I just can’t quit you! The watches that we’ve bought, sold and bought again…Luke Benedictus
There’s a line usually attributed to Albert Einstein that claims that “Insanity is doing the same thing over and over and expecting different results.” Unfortunately, this brutal logic can apply to watches, too. You buy a particular timepiece but, after the initial honeymoon period wears off, you realise that it’s perhaps no longer as indispensable to your collection as you initially thought. Plus, if you sold it on, then you’d free up some welcome cash to reinvest in another watch instead.
So you sell the watch and cash in. Only to find yourself strangely haunted by its absence. Now that it’s no longer in your possession, you realise that you perhaps you didn’t properly appreciate it before. Absence makes the heart grow fonder and its disappearance gnaws at your heart. Finally you can bear it no longer. You cave in and buy the same model all over again.
Truth be told, the Time+Tide team is full of degenerate watch flippers who are permanently jonesing for their next wrist-bound fix. The aforementioned scenario is therefore depressingly familiar to many of them, as they explain below in stories that, weirdly enough, all seem to revolve around rather similar watches.
Thor Svaboe (Independents Editor)
Ah, the Tudor Black Bay. At first I was slightly bemused by the hype surrounding the 2012 original with the matte burgundy bezel. But when the silver-detailed 41mm Black Bay Blue came out with its smiley-faced ETA movement I was totally smitten. In a fit of madness, I traded in a vintage Rolex 6694 for it (what!?).
Suffice to say I loved it, but I felt it a bit too icy cool, so as soon as a nearly new Black Bay 41 with the enticing gilt details came up with a good price, plastic still on the clasp (hello!), I sold the blue and bet all my chips on black. But alas it was, with its new in-house movement a bit on the fat side, so it went, and I ordered a Black Bay Fifty-Eight. Finally this was the one – a sweet-looking package of Rolex family goodness in a 39mm case.
I don’t know what happened, but somehow I found it too perfect, is that allowed? After 10 months of a roller-coaster relationship it went to a new home, but damn, if I don’t fancy the pants off the new Black Bay Ceramic and the sex appeal of its lush darkness. And why did they bring out the richness of a bronze 58 too!? My personal carousel of Black Bays is beckoning yet again it seems…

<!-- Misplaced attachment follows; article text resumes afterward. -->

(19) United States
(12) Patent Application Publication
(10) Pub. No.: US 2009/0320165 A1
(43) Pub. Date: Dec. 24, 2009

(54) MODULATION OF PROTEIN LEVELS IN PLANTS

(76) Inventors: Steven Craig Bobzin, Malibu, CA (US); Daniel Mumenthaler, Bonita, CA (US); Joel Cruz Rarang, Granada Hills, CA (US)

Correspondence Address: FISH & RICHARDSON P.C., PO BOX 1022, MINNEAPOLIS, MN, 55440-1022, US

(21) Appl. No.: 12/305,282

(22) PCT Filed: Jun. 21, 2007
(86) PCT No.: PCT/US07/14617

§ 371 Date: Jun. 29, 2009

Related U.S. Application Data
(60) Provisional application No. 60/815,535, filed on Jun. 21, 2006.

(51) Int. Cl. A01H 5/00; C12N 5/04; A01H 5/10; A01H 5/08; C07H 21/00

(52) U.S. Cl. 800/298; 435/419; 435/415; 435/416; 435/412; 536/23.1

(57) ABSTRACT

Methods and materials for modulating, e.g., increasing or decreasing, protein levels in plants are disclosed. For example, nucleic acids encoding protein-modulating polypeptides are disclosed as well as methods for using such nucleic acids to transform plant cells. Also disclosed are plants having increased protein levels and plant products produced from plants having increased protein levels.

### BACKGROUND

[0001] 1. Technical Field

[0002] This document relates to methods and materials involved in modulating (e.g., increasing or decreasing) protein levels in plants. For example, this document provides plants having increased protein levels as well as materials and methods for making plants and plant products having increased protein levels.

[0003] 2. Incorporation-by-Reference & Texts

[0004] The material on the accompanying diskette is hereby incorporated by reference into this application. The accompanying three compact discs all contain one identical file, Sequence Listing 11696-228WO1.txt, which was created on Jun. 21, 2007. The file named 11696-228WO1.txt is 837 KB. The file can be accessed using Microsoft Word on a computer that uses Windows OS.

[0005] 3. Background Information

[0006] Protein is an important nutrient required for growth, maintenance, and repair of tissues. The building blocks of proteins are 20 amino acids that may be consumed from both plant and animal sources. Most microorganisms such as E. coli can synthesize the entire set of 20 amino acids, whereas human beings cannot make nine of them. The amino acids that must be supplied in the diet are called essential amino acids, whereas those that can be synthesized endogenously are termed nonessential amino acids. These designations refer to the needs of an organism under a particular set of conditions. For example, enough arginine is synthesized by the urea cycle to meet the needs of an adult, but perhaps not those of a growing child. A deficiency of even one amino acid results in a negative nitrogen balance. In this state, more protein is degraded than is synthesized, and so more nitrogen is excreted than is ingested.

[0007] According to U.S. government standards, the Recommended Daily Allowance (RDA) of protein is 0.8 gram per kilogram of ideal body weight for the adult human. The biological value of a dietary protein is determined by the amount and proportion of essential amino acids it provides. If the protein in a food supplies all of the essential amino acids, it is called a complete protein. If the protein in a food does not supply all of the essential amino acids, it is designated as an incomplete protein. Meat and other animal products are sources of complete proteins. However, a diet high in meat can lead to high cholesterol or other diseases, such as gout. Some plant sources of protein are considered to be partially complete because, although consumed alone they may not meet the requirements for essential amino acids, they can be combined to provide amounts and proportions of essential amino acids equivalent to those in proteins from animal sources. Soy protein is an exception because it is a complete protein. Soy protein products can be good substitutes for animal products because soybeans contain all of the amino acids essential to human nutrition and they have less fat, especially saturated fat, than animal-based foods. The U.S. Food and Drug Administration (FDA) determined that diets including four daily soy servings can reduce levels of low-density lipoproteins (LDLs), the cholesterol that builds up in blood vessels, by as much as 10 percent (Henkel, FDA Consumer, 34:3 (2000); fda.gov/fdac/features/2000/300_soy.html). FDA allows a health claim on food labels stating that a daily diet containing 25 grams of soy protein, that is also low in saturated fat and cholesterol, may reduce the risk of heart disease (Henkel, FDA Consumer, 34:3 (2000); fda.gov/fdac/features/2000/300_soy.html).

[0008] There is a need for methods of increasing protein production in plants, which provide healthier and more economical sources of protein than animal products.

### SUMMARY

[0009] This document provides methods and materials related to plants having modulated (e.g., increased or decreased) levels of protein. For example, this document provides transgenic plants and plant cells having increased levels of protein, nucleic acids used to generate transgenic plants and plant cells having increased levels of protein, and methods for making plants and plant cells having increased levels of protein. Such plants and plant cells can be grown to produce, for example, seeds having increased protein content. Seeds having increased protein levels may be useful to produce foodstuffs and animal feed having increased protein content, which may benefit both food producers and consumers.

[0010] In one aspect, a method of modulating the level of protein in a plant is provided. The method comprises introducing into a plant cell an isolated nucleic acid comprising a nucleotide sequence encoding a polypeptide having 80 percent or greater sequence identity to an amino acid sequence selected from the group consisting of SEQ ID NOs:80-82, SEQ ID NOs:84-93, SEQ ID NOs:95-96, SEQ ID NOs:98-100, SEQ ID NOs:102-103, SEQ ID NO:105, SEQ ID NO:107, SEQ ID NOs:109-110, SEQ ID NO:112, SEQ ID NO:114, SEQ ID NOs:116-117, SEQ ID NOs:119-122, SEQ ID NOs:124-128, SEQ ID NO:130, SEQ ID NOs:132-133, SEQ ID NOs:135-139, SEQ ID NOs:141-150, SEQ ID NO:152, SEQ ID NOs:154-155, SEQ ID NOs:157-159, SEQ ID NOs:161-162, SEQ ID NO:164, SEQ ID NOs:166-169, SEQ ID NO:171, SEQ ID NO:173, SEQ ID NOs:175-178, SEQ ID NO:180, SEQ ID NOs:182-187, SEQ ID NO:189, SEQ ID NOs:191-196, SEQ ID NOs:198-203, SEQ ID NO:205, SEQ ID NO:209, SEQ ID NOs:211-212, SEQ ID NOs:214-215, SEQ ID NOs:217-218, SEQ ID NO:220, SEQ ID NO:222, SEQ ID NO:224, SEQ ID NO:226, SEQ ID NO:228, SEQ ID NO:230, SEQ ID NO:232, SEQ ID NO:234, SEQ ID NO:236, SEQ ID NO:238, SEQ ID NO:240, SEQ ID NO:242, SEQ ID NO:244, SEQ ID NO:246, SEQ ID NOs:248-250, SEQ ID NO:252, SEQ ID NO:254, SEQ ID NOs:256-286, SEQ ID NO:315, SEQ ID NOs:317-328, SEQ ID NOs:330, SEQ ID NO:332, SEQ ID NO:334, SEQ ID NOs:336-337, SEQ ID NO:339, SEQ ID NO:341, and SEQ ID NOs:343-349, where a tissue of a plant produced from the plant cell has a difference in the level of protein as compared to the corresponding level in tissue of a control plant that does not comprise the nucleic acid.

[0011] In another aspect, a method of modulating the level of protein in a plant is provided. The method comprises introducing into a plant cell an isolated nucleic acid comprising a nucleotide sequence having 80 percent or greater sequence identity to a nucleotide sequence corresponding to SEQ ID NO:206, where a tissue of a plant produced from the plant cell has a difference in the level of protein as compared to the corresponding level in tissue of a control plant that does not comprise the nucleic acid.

Matthew Pickering (Strategy & Operations Manager)
Although I’ve lived and loved a lot of watches, part of me always liked the idea of being a one-watch guy. The no-nonsense simplicity of the concept really appealed. But I just never found that single watch that completely held my attention.
As part of my collection, I had a Rolex Submariner 11460 but, although I really liked it, somehow I never fully appreciated it at the time. And then this opportunity came up for me to get hold of a Pepsi, but in order to make it happen I needed it to trade in a few pieces. When I started doing the sums, the only way I could make it work was for the Submariner to go. The grass is always greener, I guess.
Then, due to various life circumstances, I had to streamline my collection. I decided that I needed one piece to be the hero of my watch-box rather than continually rotating between a bunch of supporting characters. And the more I thought about it, the more I realised that my old Submariner was actually my best bet. Here was a watch that I could happily wear day in, day out, in virtually every scenario at work or play. So I wound up buying another Sub and we’re very happy together, too. Ultimately, I figure that if this model was good enough for Sean Connery and Steve McQueen then it’s good enough me.
Zach Blass (US Editor)
When you’re hunting for the next watch, sometimes you have to say goodbye to one in order to say hello to another. The original Tudor Black Bay Fifty-Eight in gilt/black was a phenomenal wear that you would more often than not find on my wrist. But when I had the chance to buy a birth-year Rolex Explorer, the Black Bay unfortunately made the chopping block.
Eventually the Fifty-Eight returned to my collection, but in the navy blue configuration which I felt was a better fit. Why? Because the blue diver differentiated itself more from my Rolex Submariner and felt less like I owned two of the same watch. But like the original Tudor Black Bay Fifty-Eight sold to fund the Rolex Explorer, and the same Explorer sold to fund my A. Lange & Söhne, the navy BB58 has recently left my collection for… well stay tuned for what’s incoming.
While the story seemingly ends with me BB58-less, I suspect the first chance I get I will return the compact and classic-styled model to my collection – especially if more models get outfitted with the new clasp that debuted on the Black Bay Fifty-Eight Bronze.